A typhoon is approaching the region…! There was testing today and the students are being rushed home aka no classes for me. That means blog post. That means… another gallery of flower arrangements are here! The first set to my second year!! Continue reading
Hisashiburi! That pretty much means “long time no see.” I’ve been hearing a lot of that lately from my students and teachers alike.
That’s because earlier this week, Trevor and I arrived back to the village after being away for a month to be in the States- specifically, our hometown in Minnesota. Suffice to say, that trip back home was amazing. It felt so great to be back home after almost two years in mountain land.
There’s been quite a bit going on after my last post which was… back in early March? Dang. Slackin’ much.
But for the time being, I wanted to do a very quick and brief update- on this blog’s “About” page, I added a link to a… YouTube page!!!
***My husband Trevor is currently making videos here and there, documenting some of the things we are doing during our time here in Japan. If you are at all curious about some of the shenanigans we do, check out his page here! And be sure to subscribe for more videos in the future!***
Trevor’s currently working on a lot of clips he took while we were back in Minnesota. But last night, he put together a quick video of us making Umeshu, or Japanese plum liquor. Check it out!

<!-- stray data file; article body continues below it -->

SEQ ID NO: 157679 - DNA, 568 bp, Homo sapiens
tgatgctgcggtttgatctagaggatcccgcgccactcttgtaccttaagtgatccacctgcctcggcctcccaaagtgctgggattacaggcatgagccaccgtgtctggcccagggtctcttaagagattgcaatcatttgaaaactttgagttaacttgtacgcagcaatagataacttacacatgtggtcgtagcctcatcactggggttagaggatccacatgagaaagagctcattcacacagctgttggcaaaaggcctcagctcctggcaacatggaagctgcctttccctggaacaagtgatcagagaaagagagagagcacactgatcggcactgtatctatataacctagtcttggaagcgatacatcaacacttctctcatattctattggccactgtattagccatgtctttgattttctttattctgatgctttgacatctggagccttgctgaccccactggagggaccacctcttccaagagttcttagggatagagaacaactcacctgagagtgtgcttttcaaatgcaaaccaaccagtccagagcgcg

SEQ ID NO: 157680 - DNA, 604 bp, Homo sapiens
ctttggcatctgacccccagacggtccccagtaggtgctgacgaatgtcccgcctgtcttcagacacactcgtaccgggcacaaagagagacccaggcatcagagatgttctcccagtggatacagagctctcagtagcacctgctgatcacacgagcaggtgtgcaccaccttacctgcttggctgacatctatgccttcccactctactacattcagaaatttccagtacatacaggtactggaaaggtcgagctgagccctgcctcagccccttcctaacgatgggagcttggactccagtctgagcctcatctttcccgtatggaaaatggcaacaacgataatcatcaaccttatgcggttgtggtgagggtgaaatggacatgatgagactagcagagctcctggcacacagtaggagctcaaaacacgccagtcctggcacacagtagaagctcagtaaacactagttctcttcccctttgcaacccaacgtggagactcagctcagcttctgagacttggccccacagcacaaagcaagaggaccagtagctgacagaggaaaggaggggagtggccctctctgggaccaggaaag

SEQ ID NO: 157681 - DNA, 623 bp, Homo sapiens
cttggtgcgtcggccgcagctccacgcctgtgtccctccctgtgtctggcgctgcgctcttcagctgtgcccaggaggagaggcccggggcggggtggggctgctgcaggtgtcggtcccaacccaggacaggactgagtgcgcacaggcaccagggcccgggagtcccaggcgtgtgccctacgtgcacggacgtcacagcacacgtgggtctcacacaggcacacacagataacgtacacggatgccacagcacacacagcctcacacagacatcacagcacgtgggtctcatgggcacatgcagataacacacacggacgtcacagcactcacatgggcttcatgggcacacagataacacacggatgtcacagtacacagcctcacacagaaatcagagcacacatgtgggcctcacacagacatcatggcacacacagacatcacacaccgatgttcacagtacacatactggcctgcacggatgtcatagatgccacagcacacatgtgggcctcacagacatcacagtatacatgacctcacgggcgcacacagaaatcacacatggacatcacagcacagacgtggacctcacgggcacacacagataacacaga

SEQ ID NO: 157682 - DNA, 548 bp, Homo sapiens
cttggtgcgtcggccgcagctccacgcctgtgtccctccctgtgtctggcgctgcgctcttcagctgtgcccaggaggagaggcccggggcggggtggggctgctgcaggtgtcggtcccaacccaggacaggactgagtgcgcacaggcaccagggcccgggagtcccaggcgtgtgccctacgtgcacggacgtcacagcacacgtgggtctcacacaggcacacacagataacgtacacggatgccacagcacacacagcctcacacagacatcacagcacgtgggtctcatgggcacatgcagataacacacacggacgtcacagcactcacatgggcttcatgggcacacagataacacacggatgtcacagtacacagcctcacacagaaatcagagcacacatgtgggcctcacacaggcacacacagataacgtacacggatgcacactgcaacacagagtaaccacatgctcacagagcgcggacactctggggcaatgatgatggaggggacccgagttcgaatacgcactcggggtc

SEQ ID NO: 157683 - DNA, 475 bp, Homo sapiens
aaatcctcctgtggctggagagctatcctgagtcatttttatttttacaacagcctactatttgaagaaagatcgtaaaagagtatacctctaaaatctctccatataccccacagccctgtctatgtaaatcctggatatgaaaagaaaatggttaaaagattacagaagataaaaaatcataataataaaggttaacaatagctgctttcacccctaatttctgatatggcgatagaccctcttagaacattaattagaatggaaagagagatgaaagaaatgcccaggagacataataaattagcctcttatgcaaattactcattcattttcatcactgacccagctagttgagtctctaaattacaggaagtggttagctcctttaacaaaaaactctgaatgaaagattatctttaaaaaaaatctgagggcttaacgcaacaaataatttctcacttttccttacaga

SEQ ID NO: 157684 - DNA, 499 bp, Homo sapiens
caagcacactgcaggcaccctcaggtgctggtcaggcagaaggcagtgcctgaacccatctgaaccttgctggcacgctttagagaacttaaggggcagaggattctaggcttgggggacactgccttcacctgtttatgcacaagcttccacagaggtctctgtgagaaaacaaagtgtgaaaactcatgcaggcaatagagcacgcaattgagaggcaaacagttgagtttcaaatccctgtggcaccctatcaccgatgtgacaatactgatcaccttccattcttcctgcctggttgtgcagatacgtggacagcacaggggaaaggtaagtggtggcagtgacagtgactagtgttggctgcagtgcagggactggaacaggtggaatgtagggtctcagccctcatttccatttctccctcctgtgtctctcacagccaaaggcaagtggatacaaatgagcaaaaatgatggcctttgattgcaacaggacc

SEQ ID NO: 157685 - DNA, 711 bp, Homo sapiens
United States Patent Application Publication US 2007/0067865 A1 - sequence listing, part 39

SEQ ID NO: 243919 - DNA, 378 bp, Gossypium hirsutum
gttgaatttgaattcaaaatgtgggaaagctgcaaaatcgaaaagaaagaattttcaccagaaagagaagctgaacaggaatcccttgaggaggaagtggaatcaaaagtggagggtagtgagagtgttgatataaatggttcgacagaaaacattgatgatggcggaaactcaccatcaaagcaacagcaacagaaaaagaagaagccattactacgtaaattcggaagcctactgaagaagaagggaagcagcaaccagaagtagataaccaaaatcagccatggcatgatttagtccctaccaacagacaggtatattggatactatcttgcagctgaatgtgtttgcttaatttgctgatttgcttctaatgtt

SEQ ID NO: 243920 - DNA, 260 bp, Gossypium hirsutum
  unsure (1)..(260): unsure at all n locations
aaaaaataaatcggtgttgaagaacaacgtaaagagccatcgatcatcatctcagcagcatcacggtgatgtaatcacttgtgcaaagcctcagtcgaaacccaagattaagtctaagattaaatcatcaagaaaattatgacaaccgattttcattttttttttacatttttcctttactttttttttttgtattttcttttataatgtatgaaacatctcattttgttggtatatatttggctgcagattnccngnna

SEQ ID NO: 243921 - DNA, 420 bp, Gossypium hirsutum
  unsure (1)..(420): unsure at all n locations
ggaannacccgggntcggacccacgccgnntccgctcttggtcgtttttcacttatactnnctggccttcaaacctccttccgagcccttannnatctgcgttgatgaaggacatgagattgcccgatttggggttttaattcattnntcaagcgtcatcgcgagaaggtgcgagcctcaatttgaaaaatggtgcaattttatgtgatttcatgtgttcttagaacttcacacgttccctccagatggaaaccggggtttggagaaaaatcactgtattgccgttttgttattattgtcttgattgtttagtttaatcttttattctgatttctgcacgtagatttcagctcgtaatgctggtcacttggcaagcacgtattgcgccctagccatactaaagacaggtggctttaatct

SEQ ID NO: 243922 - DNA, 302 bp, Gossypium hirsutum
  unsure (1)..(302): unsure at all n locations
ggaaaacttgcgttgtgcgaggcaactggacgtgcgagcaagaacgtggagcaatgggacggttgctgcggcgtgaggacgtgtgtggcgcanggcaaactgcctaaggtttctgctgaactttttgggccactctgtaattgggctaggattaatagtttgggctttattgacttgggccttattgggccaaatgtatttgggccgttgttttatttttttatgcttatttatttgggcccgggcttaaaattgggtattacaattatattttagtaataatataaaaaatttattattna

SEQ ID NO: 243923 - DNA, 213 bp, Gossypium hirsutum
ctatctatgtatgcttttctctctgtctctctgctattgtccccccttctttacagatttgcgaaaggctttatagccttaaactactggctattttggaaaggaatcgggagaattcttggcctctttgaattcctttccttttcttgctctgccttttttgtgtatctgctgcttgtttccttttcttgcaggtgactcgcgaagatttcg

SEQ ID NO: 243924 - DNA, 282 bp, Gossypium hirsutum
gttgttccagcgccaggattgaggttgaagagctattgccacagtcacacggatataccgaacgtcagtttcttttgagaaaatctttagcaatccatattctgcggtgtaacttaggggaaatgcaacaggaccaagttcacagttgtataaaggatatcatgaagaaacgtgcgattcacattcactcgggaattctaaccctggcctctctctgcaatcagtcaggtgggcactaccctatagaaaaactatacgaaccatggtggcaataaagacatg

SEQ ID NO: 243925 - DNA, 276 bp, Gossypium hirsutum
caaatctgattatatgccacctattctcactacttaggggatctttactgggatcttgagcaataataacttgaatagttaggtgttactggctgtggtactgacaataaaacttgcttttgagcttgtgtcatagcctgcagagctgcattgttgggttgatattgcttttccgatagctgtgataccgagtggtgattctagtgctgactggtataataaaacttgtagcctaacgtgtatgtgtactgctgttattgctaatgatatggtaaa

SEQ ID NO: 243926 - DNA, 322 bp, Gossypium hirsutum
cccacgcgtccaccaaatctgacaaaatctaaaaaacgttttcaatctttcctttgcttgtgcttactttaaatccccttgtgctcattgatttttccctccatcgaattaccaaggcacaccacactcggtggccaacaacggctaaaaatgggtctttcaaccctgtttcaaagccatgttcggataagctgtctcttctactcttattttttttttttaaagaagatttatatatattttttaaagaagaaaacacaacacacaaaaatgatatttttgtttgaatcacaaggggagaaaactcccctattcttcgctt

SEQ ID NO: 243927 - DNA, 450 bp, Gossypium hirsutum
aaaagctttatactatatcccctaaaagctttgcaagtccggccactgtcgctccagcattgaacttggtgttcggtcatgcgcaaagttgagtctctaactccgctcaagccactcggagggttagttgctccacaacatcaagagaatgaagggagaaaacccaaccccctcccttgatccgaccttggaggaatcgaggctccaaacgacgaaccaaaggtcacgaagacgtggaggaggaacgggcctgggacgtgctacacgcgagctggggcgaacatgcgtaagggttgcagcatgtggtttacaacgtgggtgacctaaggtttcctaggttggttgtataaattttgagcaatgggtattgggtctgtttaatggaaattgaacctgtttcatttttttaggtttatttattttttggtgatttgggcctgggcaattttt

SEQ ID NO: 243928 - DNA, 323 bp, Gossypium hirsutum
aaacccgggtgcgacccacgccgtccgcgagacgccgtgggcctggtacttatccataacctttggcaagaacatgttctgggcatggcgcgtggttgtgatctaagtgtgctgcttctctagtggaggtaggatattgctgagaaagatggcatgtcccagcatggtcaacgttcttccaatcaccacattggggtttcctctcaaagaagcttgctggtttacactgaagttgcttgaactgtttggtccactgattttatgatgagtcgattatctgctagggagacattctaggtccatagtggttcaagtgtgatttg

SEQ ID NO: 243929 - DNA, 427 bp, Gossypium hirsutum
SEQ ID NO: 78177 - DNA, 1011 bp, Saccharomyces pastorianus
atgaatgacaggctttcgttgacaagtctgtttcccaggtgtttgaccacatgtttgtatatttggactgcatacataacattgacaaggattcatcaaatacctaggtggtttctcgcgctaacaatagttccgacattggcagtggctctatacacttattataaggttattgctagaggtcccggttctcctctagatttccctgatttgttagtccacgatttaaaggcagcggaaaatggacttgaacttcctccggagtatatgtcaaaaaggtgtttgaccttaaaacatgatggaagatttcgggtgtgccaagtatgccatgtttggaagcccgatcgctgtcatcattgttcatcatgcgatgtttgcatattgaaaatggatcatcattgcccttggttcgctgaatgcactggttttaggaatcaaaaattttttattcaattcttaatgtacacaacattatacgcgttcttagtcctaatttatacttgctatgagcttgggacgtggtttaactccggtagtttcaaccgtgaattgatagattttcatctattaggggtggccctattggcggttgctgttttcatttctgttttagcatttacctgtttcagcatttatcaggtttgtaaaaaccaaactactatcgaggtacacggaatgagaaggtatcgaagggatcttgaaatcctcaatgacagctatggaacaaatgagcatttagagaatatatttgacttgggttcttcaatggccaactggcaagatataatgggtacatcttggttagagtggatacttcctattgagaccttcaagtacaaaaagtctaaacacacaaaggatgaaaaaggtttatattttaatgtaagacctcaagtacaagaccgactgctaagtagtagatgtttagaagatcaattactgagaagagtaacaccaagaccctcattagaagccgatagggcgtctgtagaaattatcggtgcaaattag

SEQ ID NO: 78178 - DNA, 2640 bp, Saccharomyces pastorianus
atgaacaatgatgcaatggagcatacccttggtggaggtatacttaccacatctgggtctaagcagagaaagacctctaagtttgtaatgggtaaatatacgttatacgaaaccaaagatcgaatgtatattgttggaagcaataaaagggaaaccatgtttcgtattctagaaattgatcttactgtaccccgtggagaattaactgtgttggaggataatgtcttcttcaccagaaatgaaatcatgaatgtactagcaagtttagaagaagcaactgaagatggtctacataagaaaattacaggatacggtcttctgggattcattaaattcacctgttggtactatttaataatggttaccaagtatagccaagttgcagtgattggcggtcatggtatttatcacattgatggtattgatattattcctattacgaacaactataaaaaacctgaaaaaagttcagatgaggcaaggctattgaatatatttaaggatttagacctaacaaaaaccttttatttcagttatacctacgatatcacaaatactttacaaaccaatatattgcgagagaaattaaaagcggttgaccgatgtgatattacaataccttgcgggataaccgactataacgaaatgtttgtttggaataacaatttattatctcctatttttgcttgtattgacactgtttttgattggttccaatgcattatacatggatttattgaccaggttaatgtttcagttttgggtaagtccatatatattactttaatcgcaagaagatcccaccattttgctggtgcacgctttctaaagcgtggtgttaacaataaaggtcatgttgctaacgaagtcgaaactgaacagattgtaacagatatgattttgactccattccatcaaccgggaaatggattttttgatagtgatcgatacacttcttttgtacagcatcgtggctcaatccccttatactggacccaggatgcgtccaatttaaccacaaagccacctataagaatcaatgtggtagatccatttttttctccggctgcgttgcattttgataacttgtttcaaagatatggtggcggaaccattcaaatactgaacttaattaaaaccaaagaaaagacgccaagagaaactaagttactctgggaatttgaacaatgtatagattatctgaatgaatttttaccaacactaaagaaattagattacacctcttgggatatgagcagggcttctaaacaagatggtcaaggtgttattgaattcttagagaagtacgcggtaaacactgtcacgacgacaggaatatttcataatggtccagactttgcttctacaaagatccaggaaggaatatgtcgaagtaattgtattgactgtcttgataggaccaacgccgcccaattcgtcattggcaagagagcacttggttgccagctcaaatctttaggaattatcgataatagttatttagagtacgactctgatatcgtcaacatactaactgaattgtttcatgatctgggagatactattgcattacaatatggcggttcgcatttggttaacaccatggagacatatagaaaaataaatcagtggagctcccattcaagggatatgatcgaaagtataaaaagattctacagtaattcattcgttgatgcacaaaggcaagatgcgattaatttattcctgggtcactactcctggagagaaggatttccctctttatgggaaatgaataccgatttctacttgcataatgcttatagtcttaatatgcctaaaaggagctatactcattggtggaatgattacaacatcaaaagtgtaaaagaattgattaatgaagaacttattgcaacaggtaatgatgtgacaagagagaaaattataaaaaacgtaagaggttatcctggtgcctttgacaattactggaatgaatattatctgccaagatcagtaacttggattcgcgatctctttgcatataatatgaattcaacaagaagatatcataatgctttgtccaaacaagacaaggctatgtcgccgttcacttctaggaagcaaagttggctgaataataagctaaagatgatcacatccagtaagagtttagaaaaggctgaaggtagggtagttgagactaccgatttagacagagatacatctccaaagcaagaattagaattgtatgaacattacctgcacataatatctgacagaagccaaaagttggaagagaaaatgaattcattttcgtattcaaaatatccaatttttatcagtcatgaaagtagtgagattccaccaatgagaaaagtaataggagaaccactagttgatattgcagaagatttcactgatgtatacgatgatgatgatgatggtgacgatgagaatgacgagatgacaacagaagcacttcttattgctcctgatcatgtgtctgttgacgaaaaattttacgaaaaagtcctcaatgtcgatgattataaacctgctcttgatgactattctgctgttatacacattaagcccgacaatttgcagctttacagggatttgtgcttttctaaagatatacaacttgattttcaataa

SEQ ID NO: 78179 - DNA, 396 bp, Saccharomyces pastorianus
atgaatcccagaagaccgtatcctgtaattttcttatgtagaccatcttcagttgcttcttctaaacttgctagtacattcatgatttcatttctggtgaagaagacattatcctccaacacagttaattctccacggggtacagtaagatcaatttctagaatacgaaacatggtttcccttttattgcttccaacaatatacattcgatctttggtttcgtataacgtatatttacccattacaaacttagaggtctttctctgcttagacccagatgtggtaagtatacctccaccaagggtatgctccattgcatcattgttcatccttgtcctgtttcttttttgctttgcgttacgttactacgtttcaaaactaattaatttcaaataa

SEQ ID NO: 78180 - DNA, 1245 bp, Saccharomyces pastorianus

What would you like to see in future videos? If it’s anything about Japanese school life… Unfortunately because of privacy reasons, it’s highly unlikely that we can get any clips or recording involving students.
Let us know!! Particular things around the Kansai area would work best 😉
Here’s a random picture of cherry blossoms Trevor took while we were in Kashihara to make up for not having a post about spring… ;_;
I have officially finished a full school year of flower arrangement courses! 😀
This school year felt like it came and went as quickly as cherry blossom season- incredibly quick yet memorable. I know I always say this, but I am so grateful to be a part of an amazing club. The girls are wonderful, and my teacher is always so sweet and helpful.
Winter semester of flower arrangement felt short. We only did four pieces starting from when the students came back from their winter breaks in January. We ended early February since a messy schedule of testing, high school entrance exams, and preparation for graduation was approaching.
A small amount compared with first and second semester, but nonetheless, had a lot of fun doing each one. Here they are!
Happy New Year everyone! How is your 2017 going so far?
Do you have any New Years goals you want to accomplish? Though I didn’t start some of these at New Years, some of the things I still want to continue are…
- jogging at least 3-4 times a week
- eating less than 1500 calories everyday
- follow a strict budget and meal plan
- study, study more Japanese
- write at least two blog posts every month
Thankfully I had a six day vacation from work a little before the New Year break. Unfortunately, Trevor and I had no where particularly special to go… but that’s okay because we (and especially me) had a very relaxing and quiet time at home. I admit I had a hard time forcing myself to go back to work on the Wednesday after break ended…